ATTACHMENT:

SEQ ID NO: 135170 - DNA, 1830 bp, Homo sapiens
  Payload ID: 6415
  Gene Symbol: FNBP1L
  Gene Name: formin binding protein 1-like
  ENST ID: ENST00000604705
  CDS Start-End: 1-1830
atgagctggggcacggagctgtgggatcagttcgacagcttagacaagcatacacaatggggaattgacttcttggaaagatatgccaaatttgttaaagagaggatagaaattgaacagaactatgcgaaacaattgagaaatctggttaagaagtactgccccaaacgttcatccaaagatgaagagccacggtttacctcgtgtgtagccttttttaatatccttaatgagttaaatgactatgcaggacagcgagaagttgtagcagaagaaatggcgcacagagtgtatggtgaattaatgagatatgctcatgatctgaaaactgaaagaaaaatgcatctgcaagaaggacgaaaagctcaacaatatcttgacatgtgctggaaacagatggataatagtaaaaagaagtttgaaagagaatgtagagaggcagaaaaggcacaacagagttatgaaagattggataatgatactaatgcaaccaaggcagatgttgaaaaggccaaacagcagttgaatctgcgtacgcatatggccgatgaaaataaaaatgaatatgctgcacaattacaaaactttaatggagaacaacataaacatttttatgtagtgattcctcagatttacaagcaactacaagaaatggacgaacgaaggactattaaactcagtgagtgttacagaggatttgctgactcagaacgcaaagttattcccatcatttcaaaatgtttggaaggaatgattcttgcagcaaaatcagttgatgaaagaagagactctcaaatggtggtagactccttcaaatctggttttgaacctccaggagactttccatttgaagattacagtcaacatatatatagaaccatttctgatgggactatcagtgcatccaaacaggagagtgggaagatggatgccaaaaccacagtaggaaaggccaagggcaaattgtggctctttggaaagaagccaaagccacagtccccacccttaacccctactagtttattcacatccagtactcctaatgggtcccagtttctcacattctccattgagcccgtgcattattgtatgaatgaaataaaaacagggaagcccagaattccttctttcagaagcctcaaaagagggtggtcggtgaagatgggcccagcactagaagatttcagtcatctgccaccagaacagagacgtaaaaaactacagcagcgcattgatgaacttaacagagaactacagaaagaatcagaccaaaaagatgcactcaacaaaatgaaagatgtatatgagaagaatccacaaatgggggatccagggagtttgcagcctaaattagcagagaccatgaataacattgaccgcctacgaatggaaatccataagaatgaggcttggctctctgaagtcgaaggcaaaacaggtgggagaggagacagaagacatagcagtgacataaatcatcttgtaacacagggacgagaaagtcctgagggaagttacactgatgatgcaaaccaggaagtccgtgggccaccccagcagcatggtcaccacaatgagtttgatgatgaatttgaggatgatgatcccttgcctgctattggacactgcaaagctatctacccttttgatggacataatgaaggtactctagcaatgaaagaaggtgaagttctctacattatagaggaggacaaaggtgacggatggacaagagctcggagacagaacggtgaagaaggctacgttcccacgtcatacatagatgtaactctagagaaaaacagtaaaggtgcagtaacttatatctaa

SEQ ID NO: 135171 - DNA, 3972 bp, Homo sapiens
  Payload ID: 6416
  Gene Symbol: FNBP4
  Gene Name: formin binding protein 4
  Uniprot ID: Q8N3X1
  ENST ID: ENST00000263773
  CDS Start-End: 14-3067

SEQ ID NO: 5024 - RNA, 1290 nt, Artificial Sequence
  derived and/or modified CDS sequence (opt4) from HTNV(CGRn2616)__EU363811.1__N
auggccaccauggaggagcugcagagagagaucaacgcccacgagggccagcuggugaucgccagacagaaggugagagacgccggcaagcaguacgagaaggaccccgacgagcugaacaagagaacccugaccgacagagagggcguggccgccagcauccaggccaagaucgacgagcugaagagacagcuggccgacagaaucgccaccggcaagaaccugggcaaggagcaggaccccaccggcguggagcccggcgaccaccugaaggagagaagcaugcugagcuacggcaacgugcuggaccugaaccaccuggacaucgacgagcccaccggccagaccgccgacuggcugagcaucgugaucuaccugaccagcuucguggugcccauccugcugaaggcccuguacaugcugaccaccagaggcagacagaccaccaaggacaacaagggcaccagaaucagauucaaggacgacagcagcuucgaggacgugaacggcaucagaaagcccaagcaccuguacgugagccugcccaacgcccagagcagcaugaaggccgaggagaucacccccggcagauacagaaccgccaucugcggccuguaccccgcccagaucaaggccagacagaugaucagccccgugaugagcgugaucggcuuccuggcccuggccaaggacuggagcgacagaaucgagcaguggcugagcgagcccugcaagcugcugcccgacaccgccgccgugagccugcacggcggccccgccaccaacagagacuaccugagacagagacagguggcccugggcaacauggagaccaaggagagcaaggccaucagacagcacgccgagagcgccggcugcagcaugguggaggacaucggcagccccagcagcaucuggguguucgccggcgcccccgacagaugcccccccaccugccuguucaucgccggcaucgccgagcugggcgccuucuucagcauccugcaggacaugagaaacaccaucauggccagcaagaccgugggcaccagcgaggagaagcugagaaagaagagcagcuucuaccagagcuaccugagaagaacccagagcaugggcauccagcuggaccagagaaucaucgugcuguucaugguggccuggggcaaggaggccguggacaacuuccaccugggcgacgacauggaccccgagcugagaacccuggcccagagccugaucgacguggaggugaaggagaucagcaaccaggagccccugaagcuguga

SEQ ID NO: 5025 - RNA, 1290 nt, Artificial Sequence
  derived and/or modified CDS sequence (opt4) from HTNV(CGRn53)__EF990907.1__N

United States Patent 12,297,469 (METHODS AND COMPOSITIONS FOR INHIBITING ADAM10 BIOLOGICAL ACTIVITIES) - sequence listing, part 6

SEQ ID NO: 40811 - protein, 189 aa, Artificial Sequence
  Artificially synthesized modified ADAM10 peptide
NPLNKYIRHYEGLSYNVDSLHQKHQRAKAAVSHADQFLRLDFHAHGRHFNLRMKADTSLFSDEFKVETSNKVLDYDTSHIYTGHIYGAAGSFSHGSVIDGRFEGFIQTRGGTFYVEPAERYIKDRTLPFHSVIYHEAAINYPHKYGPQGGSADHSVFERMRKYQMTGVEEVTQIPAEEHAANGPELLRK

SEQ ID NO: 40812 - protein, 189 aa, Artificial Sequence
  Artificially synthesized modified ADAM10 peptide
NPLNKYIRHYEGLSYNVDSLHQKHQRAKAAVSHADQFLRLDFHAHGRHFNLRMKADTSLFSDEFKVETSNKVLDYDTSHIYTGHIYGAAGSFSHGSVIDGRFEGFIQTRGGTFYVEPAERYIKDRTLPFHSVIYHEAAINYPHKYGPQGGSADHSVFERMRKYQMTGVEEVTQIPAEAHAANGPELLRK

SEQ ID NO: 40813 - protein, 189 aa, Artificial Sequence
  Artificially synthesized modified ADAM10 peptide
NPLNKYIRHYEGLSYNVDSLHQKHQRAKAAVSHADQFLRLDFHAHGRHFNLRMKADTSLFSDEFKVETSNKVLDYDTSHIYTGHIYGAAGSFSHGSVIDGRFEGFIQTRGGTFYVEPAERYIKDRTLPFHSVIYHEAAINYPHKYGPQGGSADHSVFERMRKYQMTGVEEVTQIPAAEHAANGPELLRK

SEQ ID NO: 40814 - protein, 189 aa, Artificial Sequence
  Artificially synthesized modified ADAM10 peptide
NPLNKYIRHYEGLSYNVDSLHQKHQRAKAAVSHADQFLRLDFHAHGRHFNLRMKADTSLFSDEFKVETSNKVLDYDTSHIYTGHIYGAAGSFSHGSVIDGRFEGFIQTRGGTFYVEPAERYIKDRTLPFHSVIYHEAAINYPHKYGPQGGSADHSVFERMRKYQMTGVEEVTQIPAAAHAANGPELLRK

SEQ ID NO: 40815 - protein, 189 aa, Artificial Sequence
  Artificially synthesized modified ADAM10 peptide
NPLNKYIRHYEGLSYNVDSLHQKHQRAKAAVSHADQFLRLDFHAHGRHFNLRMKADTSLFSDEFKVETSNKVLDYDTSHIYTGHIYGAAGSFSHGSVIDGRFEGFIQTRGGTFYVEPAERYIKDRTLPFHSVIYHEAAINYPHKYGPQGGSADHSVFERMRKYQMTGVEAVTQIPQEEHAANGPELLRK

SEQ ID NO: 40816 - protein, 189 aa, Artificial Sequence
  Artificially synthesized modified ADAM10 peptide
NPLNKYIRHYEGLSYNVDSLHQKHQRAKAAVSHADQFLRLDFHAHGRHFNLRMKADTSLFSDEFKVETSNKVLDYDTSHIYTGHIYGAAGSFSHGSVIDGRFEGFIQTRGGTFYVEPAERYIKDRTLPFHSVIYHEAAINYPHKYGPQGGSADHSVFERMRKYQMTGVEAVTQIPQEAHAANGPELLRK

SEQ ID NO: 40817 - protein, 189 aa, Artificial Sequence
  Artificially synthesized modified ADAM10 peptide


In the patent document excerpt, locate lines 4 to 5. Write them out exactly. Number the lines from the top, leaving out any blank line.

  Gene Name: formin binding protein 1-like
  ENST ID: ENST00000604705